Councils flout weak Government coronavirus guidance to continue to evict Travellers
Campaigners say that the government guidance on unauthorised Traveller camps ‘does not go far enough’
‘Councils are best-placed to determine when it is appropriate to use their powers to evict unauthorised encampments under during the pandemic,’ says Government
Amendment to ‘no eviction’ directive from Ministry of Justice leaves Travellers vulnerable
Guidance in Scotland and Wales much stronger say campaigners
Some councils are not evicting
Evictions of unauthorised Traveller camps have continued throughout the coronavirus lockdown in England as charities call on the government to strengthen its guidance after a Ministry of Justice ‘no eviction’ directive against trespassers was amended to exclude evictions of trespassers.
Gypsy and Traveller charities and Traveller lawyers across England report that they are receiving many calls from Travellers threatened with eviction.
Travellers evicted or being threatened with eviction include families fleeing domestic abuse, families with reported positive Covd-19 tests, recently bereaved families and families with pregnant mothers.
“It really is quite beyond belief that even during a global pandemic Gypsies and Travellers continue to be evicted,” said Abbie Kirkby, Advice and Policy Manager for the national charity Friends, Families and Travellers (FFT).
“Some local authorities have risen to the task and have supported Gypsies and Travellers, others have left families without the very basic amenities such as water and sanitation.
We have had many families contact our helpline worried about how they can protect themselves and others and follow the public health guidance, it’s completely unacceptable that they are excluded from some local authorities’ planning and delivery of support for vulnerable groups.”
Betty Billington, Chair of Dorset based charity Kushti Bok, said that charity workers had worked hard during the coronavirus crisis trying to engage with councils threatening evictions. Some of the cases they took on where following reports in local newspapers, she added.
“Some we win, some we don't,” said Betty Billington.
“Some (newspaper reports) are not what they seem. Sometimes the Travellers are being moved (by the council) to a safer or more reasonable place, but all we get from the media is that they been moved on.”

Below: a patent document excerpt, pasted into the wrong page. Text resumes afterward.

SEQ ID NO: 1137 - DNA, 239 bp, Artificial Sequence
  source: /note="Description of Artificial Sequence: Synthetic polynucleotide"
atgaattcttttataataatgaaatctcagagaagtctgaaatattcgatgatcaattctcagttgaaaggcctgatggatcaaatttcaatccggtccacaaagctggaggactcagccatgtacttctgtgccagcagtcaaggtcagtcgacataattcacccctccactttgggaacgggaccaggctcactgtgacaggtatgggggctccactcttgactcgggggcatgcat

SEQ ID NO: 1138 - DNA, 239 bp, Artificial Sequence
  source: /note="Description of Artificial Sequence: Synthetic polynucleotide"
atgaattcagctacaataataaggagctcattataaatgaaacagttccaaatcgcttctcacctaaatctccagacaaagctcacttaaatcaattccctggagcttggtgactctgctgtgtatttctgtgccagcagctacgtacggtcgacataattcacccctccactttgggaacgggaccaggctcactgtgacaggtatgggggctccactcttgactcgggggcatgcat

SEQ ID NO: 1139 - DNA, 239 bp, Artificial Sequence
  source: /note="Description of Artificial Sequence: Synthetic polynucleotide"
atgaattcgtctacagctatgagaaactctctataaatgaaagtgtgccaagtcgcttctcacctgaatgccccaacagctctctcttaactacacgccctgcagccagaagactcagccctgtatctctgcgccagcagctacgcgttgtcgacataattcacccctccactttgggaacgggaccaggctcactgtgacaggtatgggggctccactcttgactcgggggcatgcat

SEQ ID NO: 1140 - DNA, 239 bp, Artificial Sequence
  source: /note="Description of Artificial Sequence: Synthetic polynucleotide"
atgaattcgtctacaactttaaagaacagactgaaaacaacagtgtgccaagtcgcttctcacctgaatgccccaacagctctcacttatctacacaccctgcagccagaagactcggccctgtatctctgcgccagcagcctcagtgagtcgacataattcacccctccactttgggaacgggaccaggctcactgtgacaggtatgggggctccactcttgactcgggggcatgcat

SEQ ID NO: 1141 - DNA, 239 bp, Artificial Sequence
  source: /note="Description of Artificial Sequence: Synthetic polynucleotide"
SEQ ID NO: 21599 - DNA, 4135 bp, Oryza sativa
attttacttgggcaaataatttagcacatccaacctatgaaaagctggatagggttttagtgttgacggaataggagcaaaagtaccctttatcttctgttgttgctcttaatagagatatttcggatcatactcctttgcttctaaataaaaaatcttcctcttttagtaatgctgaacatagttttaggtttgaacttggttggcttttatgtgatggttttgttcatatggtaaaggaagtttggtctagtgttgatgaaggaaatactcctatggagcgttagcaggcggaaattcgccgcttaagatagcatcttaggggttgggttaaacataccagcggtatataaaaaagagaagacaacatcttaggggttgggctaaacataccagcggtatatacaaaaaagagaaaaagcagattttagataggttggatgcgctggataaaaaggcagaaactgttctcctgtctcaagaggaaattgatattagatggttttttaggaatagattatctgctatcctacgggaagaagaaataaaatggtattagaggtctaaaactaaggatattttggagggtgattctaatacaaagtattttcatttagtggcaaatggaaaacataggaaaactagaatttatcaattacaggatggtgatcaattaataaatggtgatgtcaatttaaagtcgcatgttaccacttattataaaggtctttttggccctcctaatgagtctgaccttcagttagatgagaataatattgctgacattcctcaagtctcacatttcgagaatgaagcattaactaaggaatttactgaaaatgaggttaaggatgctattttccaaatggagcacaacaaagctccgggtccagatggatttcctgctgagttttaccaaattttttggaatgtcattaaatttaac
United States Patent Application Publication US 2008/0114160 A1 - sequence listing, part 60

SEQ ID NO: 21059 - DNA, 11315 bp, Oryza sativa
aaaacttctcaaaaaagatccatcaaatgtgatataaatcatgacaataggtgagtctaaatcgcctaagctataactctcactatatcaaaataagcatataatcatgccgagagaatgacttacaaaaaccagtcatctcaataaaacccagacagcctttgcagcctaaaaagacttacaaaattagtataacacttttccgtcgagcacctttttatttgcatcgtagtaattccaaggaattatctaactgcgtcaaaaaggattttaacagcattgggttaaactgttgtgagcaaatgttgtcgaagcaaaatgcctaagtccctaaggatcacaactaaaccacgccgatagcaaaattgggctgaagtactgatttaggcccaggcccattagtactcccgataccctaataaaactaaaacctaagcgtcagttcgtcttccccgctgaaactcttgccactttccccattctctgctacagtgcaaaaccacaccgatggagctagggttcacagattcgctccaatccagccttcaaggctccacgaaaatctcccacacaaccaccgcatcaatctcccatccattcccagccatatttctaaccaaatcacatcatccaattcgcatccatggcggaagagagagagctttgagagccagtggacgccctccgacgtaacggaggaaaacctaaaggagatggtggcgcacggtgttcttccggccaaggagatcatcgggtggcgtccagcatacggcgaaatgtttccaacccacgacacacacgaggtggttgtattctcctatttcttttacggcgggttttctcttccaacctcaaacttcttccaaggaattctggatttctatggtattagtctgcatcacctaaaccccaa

At first campaigners where heartened when the National Police Chiefs’ Council wrote to all UK police forces on the 23rd March urging them to consider other options than using their special police powers to evict unauthorised Traveller camps.
Campaigners were again relieved when on March 27th, when the Ministry of Justice published a directive that called a halt to all evictions using Part 55 of the Civil Procedure Rules on March 27th. Part 55 is one of the two main eviction processes councils use to evict Traveller camps alongside section 77-78 of the Criminal Justice and Public Order Act. However, on the 20th April the judiciary, after letters from the Property Litigation Association to the Master of the Rolls, amended the directive to exclude the eviction of trespassers, meaning that councils could again continue to use it against unauthorised Traveller camps. Further lobbying from Traveller law experts Community Law Partnership in the form of a letter to the Lord Chancellor failed to get the amendment reversed.
“This change of the regulations to exclude protection from eviction for families on roadside camps highlights how yet again Gypsies and Travelers are left behind in positive policy making,” said Abbie Kirkby.
Gypsy Traveller charities also lobbied the Ministry of Housing, Communities and Local Government to pressure them into publishing rules or at least guidance for councils on how to deal with unauthorised camps during the coronavirus crisis. The lobbying was successful with the Scottish and Welsh Government who clearly stated that councils should not evict Traveller camps, but only had some success in England, when, on the 11th April, Stephen Greenhalgh, Communities Minister, finally wrote to councils advising that some Travellers may need assistance in accessing basic facilities such as water, sanitation and waste disposal, to enable them to adhere to public health guidelines around self-isolation and social distancing, and that other options than eviction should be considered. Lord Greenalgh’s letter can be seen here.